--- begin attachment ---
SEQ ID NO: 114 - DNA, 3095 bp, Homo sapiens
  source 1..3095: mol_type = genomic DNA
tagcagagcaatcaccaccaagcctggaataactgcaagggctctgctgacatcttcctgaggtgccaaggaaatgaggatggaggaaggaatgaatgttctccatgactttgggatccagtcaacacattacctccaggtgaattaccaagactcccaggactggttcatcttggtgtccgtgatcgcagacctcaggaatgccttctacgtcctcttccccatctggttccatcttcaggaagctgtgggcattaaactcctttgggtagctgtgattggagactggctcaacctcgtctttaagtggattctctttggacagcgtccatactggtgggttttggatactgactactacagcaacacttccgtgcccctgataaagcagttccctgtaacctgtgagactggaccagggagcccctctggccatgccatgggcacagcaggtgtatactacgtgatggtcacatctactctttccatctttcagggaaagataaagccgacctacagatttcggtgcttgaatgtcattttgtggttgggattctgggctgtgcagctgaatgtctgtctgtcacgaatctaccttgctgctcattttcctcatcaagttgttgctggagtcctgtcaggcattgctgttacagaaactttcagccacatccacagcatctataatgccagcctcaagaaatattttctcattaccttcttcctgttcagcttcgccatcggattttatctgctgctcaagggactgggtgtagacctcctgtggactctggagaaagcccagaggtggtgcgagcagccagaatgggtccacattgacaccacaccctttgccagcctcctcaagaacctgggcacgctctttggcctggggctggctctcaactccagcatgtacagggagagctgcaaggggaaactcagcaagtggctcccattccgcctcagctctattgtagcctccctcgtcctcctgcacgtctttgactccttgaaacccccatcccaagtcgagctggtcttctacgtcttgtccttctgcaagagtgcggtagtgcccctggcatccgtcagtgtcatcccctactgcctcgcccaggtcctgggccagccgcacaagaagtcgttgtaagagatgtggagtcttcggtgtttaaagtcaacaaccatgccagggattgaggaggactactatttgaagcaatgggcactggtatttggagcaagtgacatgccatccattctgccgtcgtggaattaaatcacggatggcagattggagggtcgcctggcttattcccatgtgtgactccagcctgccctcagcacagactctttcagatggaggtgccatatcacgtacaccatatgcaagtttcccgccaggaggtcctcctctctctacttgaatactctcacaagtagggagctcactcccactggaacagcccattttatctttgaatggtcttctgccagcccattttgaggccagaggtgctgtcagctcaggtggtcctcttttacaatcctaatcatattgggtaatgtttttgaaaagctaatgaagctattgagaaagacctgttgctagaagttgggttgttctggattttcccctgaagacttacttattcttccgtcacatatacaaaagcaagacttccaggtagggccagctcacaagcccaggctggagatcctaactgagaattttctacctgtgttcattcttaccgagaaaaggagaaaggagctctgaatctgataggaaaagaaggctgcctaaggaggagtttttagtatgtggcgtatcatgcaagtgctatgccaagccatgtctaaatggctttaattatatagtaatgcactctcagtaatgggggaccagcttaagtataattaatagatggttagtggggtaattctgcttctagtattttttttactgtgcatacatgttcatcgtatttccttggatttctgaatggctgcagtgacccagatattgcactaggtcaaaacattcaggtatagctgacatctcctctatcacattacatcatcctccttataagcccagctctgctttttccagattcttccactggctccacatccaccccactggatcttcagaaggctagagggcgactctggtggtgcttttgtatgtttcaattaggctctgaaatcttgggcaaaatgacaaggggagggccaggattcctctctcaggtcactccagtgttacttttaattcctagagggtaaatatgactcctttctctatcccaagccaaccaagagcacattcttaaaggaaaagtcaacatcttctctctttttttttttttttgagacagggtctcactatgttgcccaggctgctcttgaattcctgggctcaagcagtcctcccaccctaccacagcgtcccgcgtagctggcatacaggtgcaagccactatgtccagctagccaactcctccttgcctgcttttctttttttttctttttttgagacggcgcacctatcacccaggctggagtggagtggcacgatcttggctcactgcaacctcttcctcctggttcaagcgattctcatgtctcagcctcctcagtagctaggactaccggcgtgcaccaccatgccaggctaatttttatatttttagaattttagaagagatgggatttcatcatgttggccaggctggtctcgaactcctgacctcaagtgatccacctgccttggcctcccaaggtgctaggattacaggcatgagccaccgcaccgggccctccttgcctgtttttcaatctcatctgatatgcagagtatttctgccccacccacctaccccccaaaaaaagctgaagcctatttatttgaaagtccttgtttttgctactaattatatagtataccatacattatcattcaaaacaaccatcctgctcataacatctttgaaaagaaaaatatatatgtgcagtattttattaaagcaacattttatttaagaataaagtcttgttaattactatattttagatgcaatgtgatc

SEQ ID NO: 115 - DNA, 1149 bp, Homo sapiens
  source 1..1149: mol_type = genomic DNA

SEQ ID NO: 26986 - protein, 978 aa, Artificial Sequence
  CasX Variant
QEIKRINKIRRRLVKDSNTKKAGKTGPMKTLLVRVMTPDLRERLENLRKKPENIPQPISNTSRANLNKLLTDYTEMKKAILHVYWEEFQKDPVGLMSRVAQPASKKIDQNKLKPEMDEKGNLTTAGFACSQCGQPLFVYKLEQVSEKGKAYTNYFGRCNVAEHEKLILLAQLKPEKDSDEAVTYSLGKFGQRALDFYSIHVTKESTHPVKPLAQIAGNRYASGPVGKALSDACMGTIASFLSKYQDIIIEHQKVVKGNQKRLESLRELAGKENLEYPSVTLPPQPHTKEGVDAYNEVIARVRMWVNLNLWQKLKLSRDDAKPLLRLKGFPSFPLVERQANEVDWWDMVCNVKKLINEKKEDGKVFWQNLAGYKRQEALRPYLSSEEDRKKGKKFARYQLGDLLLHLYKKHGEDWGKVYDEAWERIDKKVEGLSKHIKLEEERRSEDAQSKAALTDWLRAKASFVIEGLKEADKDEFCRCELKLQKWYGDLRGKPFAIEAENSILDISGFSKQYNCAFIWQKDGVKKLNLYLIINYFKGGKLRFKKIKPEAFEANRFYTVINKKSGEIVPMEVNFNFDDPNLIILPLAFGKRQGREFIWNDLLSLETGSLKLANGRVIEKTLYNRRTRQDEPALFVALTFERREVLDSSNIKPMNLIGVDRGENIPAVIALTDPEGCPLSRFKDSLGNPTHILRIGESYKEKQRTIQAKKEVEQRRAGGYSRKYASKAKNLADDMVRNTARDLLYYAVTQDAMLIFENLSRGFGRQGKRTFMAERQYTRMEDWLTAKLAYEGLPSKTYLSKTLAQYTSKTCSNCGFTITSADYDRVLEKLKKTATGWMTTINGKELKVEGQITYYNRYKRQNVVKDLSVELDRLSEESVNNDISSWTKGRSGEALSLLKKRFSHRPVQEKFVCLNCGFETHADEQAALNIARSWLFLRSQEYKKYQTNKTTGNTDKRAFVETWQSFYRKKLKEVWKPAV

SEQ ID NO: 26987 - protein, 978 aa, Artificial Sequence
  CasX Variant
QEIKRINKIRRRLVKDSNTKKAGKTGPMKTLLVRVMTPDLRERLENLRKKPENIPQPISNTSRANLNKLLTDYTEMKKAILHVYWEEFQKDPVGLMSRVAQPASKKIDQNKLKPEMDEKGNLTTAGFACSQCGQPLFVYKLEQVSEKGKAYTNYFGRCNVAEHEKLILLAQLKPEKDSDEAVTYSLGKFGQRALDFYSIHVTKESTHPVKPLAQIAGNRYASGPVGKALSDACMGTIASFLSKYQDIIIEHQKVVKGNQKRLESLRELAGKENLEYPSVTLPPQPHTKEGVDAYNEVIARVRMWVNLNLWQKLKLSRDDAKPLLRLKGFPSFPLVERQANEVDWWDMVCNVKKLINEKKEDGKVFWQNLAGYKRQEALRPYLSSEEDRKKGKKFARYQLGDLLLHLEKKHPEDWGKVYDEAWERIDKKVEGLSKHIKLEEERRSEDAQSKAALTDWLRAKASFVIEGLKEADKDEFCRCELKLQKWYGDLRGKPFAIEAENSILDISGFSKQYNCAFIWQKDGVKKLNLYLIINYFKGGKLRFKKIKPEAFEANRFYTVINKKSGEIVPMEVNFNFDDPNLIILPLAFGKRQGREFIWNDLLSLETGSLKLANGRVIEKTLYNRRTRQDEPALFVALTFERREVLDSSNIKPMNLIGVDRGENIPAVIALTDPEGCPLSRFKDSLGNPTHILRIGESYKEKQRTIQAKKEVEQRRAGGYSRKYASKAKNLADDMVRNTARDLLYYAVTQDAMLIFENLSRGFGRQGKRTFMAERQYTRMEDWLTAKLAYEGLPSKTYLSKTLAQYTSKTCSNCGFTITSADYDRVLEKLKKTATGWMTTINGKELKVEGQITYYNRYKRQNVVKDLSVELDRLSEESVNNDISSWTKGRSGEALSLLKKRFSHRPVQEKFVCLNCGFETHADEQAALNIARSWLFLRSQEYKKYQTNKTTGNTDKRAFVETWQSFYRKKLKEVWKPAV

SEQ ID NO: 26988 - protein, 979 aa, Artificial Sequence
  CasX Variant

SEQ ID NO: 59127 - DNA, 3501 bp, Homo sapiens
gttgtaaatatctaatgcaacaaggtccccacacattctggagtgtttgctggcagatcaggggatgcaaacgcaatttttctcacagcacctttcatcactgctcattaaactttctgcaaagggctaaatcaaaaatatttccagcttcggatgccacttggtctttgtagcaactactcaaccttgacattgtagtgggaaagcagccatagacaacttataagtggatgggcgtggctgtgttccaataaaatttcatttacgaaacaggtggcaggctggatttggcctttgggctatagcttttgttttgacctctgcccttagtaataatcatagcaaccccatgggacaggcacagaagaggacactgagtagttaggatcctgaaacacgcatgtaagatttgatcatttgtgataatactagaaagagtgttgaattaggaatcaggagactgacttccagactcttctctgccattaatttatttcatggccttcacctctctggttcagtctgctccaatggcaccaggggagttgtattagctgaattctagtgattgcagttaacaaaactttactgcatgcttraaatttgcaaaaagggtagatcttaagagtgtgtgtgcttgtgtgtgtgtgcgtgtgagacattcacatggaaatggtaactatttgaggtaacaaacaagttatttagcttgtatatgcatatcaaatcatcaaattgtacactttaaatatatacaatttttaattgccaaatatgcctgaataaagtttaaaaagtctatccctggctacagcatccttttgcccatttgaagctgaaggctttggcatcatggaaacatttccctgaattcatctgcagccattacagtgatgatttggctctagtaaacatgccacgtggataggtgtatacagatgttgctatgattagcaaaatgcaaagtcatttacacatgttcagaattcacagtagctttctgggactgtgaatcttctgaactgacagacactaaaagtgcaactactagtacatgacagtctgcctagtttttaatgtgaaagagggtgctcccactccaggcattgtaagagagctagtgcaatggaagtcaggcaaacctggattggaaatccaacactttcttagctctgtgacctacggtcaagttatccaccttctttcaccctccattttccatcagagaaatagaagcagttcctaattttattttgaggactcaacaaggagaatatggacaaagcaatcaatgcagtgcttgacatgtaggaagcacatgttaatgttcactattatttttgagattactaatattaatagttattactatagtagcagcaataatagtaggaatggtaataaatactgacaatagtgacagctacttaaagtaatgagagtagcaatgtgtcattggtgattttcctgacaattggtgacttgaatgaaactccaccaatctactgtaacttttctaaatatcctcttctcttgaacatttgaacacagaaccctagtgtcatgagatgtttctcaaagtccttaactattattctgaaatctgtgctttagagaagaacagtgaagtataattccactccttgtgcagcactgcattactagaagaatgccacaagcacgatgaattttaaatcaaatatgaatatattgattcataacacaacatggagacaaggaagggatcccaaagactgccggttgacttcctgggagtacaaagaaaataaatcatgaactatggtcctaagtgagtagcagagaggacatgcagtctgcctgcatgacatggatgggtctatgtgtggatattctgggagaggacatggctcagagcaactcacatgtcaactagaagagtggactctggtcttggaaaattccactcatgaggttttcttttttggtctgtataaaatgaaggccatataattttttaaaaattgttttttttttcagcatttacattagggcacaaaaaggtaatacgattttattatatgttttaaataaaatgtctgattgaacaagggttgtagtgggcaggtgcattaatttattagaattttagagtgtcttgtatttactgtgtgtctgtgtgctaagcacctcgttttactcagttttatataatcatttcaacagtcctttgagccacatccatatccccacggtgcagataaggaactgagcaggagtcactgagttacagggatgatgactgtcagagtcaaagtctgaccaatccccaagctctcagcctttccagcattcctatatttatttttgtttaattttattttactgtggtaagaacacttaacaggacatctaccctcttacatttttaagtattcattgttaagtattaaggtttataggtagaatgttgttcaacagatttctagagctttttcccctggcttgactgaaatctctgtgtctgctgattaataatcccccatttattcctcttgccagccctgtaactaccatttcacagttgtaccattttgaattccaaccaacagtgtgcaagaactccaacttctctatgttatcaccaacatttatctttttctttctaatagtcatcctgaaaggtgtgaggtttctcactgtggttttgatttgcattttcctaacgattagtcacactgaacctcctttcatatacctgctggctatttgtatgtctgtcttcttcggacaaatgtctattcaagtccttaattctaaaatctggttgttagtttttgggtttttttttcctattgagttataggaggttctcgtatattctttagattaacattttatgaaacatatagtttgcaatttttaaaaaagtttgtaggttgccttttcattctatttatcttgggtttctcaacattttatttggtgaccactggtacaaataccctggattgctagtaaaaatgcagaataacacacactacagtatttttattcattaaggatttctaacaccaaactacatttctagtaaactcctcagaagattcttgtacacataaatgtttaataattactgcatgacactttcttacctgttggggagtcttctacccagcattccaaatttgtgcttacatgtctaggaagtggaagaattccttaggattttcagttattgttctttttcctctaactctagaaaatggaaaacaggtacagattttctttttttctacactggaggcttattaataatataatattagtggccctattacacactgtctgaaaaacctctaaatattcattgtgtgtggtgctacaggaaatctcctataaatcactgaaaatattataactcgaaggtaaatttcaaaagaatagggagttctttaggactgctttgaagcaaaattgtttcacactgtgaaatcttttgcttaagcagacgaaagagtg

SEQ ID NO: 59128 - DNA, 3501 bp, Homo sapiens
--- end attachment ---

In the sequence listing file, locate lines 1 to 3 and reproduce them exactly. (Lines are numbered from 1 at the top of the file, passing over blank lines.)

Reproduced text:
SEQ ID NO: 114 - DNA, 3095 bp, Homo sapiens
  source 1..3095: mol_type = genomic DNA
tagcagagcaatcaccaccaagcctggaataactgcaagggctctgctgacatcttcctgaggtgccaaggaaatgaggatggaggaaggaatgaatgttctccatgactttgggatccagtcaacacattacctccaggtgaattaccaagactcccaggactggttcatcttggtgtccgtgatcgcagacctcaggaatgccttctacgtcctcttccccatctggttccatcttcaggaagctgtgggcattaaactcctttgggtagctgtgattggagactggctcaacctcgtctttaagtggattctctttggacagcgtccatactggtgggttttggatactgactactacagcaacacttccgtgcccctgataaagcagttccctgtaacctgtgagactggaccagggagcccctctggccatgccatgggcacagcaggtgtatactacgtgatggtcacatctactctttccatctttcagggaaagataaagccgacctacagatttcggtgcttgaatgtcattttgtggttgggattctgggctgtgcagctgaatgtctgtctgtcacgaatctaccttgctgctcattttcctcatcaagttgttgctggagtcctgtcaggcattgctgttacagaaactttcagccacatccacagcatctataatgccagcctcaagaaatattttctcattaccttcttcctgttcagcttcgccatcggattttatctgctgctcaagggactgggtgtagacctcctgtggactctggagaaagcccagaggtggtgcgagcagccagaatgggtccacattgacaccacaccctttgccagcctcctcaagaacctgggcacgctctttggcctggggctggctctcaactccagcatgtacagggagagctgcaaggggaaactcagcaagtggctcccattccgcctcagctctattgtagcctccctcgtcctcctgcacgtctttgactccttgaaacccccatcccaagtcgagctggtcttctacgtcttgtccttctgcaagagtgcggtagtgcccctggcatccgtcagtgtcatcccctactgcctcgcccaggtcctgggccagccgcacaagaagtcgttgtaagagatgtggagtcttcggtgtttaaagtcaacaaccatgccagggattgaggaggactactatttgaagcaatgggcactggtatttggagcaagtgacatgccatccattctgccgtcgtggaattaaatcacggatggcagattggagggtcgcctggcttattcccatgtgtgactccagcctgccctcagcacagactctttcagatggaggtgccatatcacgtacaccatatgcaagtttcccgccaggaggtcctcctctctctacttgaatactctcacaagtagggagctcactcccactggaacagcccattttatctttgaatggtcttctgccagcccattttgaggccagaggtgctgtcagctcaggtggtcctcttttacaatcctaatcatattgggtaatgtttttgaaaagctaatgaagctattgagaaagacctgttgctagaagttgggttgttctggattttcccctgaagacttacttattcttccgtcacatatacaaaagcaagacttccaggtagggccagctcacaagcccaggctggagatcctaactgagaattttctacctgtgttcattcttaccgagaaaaggagaaaggagctctgaatctgataggaaaagaaggctgcctaaggaggagtttttagtatgtggcgtatcatgcaagtgctatgccaagccatgtctaaatggctttaattatatagtaatgcactctcagtaatgggggaccagcttaagtataattaatagatggttagtggggtaattctgcttctagtattttttttactgtgcatacatgttcatcgtatttccttggatttctgaatggctgcagtgacccagatattgcactaggtcaaaacattcaggtatagctgacatctcctctatcacattacatcatcctccttataagcccagctctgctttttccagattcttccactggctccacatccaccccactggatcttcagaaggctagagggcgactctggtggtgcttttgtatgtttcaattaggctctgaaatcttgggcaaaatgacaaggggagggccaggattcctctctcaggtcactccagtgttacttttaattcctagagggtaaatatgactcctttctctatcccaagccaaccaagagcacattcttaaaggaaaagtcaacatcttctctctttttttttttttttgagacagggtctcactatgttgcccaggctgctcttgaattcctgggctcaagcagtcctcccaccctaccacagcgtcccgcgtagctggcatacaggtgcaagccactatgtccagctagccaactcctccttgcctgcttttctttttttttctttttttgagacggcgcacctatcacccaggctggagtggagtggcacgatcttggctcactgcaacctcttcctcctggttcaagcgattctcatgtctcagcctcctcagtagctaggactaccggcgtgcaccaccatgccaggctaatttttatatttttagaattttagaagagatgggatttcatcatgttggccaggctggtctcgaactcctgacctcaagtgatccacctgccttggcctcccaaggtgctaggattacaggcatgagccaccgcaccgggccctccttgcctgtttttcaatctcatctgatatgcagagtatttctgccccacccacctaccccccaaaaaaagctgaagcctatttatttgaaagtccttgtttttgctactaattatatagtataccatacattatcattcaaaacaaccatcctgctcataacatctttgaaaagaaaaatatatatgtgcagtattttattaaagcaacattttatttaagaataaagtcttgttaattactatattttagatgcaatgtgatc